Effects of gender and verbal aggression on perceptions of U.S. political speakers

It’s the Year of the Woman 2.0, party people. A record number of women are running for office in the American midterm elections. We will see what happens in the coming hours, but it looks like we could soon have more lady leaders and legislators. What better time than now to read Charlotte Nau and Craig O. Stewart’s 2018 paper on how verbal aggression from men and women is evaluated in political speech?

First of all, this article was published in the Journal of Language Aggression and Conflict. The specificity of some of these journals tickles me. I hope they have a special issue for papers on Guys Who Lash Out After You Don’t Respond to their Messages on Tinder.

Verbal aggression is defined in the article in various ways by various smartypants people, but most definitions include an element of targeting the personal- looks, character, brains, abilities, identity, etc- rather than someone’s viewpoints. It comes in a variety of forms: profanity, putting a hex on someone, mocking, threats, or just regular old insults.

The Experiments

Most existing research in this area analyzes attack ads. Nau and Stewart are interested in verbal aggression in speeches and debates rather than media advertising, which is unlikely to have been written and often not even voiced by the candidate.

The first experiment compares male and female verbal aggression and the effect it has on speaker credibility, listener agreement with message, and perceptions of appropriateness. The researchers hypothesized that ladyfolk exhibiting verbal aggression in political speeches will be deemed less credible, less appropriate, less effective in their message, and overall more aggressive than menfolk doing the same.

Sixty-three study participants read 8 excerpts from political speeches on an online platform. There were four message conditions: female aggressive, female non-aggressive, male aggressive, and male non-aggressive.The political speeches were edited from real speeches to remove evidence of party affiliation and controversial topics. Researchers inserted verbal aggression into some of the excerpts- things along the lines of:

Just kidding, it was more like, “You obviously don’t know what you are doing…” and “you’re a hypocrite.” Introductory information for each excerpt gave a fictitious name of the politician and their title as Congresswoman or Congressman thereby revealing the gender. Participants had to rate their agreement with the message, their perceptions of the speaker in categories of credibility and appropriateness, and their overall aggression.

The second experiment was largely the same, but to increase the salience of gender they included images of a  female or male speaker in place of the introductory information that said congresswoman/man. The paper explains the rigorous selection process of the photos and how they were randomly assigned and reassigned to speeches shown to different participants to minimize the effects of attractiveness and other factors on the research. I don’t want to bother with all that right now, so just trust me that it was legit.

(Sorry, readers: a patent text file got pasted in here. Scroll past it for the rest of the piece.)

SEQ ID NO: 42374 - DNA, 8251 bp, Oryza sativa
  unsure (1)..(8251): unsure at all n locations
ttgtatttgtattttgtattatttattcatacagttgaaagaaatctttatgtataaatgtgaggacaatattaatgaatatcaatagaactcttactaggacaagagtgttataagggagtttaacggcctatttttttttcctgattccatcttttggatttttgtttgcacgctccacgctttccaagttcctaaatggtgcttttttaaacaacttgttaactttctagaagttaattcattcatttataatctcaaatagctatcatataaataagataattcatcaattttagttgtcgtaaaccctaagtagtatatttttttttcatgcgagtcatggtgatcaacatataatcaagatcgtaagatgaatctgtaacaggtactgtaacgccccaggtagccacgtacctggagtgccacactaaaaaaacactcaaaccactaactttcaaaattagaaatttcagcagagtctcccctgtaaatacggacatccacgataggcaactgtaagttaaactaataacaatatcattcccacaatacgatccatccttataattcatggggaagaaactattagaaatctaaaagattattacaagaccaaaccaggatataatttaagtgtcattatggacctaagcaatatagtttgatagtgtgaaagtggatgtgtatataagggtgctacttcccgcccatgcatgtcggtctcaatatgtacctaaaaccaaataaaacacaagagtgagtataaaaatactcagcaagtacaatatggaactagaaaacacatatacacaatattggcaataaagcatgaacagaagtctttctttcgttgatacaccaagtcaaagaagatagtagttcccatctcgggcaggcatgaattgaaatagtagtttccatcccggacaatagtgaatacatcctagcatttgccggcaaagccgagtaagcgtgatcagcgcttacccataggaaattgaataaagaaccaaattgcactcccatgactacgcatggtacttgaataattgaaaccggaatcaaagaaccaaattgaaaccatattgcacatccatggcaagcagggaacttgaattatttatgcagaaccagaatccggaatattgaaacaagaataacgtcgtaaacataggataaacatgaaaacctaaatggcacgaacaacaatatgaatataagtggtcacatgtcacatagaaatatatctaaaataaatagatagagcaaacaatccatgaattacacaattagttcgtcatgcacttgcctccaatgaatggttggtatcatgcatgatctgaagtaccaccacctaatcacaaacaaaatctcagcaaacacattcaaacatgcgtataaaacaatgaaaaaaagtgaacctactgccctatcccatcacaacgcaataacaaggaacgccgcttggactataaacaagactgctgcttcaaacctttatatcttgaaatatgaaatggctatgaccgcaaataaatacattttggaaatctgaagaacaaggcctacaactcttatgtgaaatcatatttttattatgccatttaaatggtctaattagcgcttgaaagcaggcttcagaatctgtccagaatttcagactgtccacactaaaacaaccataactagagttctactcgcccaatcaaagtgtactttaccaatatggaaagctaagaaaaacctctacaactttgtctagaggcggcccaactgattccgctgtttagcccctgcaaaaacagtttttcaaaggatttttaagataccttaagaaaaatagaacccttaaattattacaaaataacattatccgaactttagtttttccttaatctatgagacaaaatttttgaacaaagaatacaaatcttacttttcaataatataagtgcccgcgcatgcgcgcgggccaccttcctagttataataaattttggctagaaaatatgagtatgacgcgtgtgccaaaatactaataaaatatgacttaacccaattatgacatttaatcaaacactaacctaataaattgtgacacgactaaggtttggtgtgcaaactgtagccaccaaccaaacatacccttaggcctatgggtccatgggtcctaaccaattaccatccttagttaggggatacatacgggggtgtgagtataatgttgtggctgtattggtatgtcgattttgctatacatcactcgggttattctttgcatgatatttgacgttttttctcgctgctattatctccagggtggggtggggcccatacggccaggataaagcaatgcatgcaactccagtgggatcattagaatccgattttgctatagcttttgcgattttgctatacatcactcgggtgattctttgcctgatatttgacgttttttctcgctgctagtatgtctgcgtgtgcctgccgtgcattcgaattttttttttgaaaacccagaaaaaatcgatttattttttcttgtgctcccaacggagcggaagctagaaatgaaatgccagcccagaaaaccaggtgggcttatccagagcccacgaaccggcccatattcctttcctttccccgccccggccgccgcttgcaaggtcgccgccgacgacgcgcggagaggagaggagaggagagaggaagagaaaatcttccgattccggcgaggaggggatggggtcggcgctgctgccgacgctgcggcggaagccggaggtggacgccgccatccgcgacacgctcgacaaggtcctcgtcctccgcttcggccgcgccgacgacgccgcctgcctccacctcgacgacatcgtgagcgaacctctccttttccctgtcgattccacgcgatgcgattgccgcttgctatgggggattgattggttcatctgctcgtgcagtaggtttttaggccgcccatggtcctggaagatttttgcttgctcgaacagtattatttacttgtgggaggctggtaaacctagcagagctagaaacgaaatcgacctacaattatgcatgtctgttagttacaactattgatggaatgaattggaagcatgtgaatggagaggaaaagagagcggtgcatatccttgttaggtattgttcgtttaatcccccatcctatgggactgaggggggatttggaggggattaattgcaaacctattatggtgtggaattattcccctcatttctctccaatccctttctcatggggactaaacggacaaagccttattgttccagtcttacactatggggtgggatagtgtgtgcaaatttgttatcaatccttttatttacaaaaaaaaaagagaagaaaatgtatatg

Results

From the first experiment they found that messages with verbal aggression were viewed more negatively overall than the messages that did not include personal attacks. This is consistent with other research in this area.

Howeva, the gender comparison analysis was not what they expected. There was not a statistically significant difference between how men and women were judged except in two areas: suitability and overall aggression (suitability was a subcategory of appropriateness.) In the nonaggressive condition samples, women were rated as more aggressive and less suitable than men. But in the verbally aggressive samples men were rated as more aggressive and less suitable than women.

The results of the second experiment- with the pics- were pretty similar. Both men and women were judged more harshly for being verbally aggressive, but the effects were a teensy weensy more negative for women.

The authors concluded that there wasn’t strong enough evidence to confirm their hypothesis on gender differences. They theorize that in spite of evidence that generally women are judged harshly for stereotypically unfeminine behavior like aggression, there must be an exception for political speech where aggression is normative.

Conclusion

Well well well, I think to myself, vaginahavingly. These experiments didn’t yield the kind of headline-grabbing results which I can wokely plaster on my social media about women being unfairly penalized. But that is the thing about research- it can give us perspective on dominant cultural narratives bolstered with anecdotes.

Women’s voices are frequently picked apart as annoying for… reasons, but it seems that in political speech verbal aggression is not an area where we have a significant disadvantage relative to men. I think there’s room to learn more about this area, but until then… Trash talk away, congressbishes. People don’t really like it, but they don’t like it at similar rates in women and men.

This paper is recommended for discourse analysis darlings and sociolinguistic sweetpeas.


Nau, C. & C. O. Stewart. (2018). Effects of gender and verbal aggression on perceptions of U.S. political speakers. Journal of Language Aggression and Conflict. 6(1). 127-148. https://doi.org/10.1075/jlac.00006.nau

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2 Comments
  • Reply
    Charlotte Nau
    January 15, 2019 at 12:35 pm

    The authors of the original article applaud this summary. 🙂

  • Reply
    Kaylin Wainwright
    January 15, 2019 at 4:27 pm

    Thanks for the applause and for pursuing interesting research questions! It was fun to read and write about your paper.

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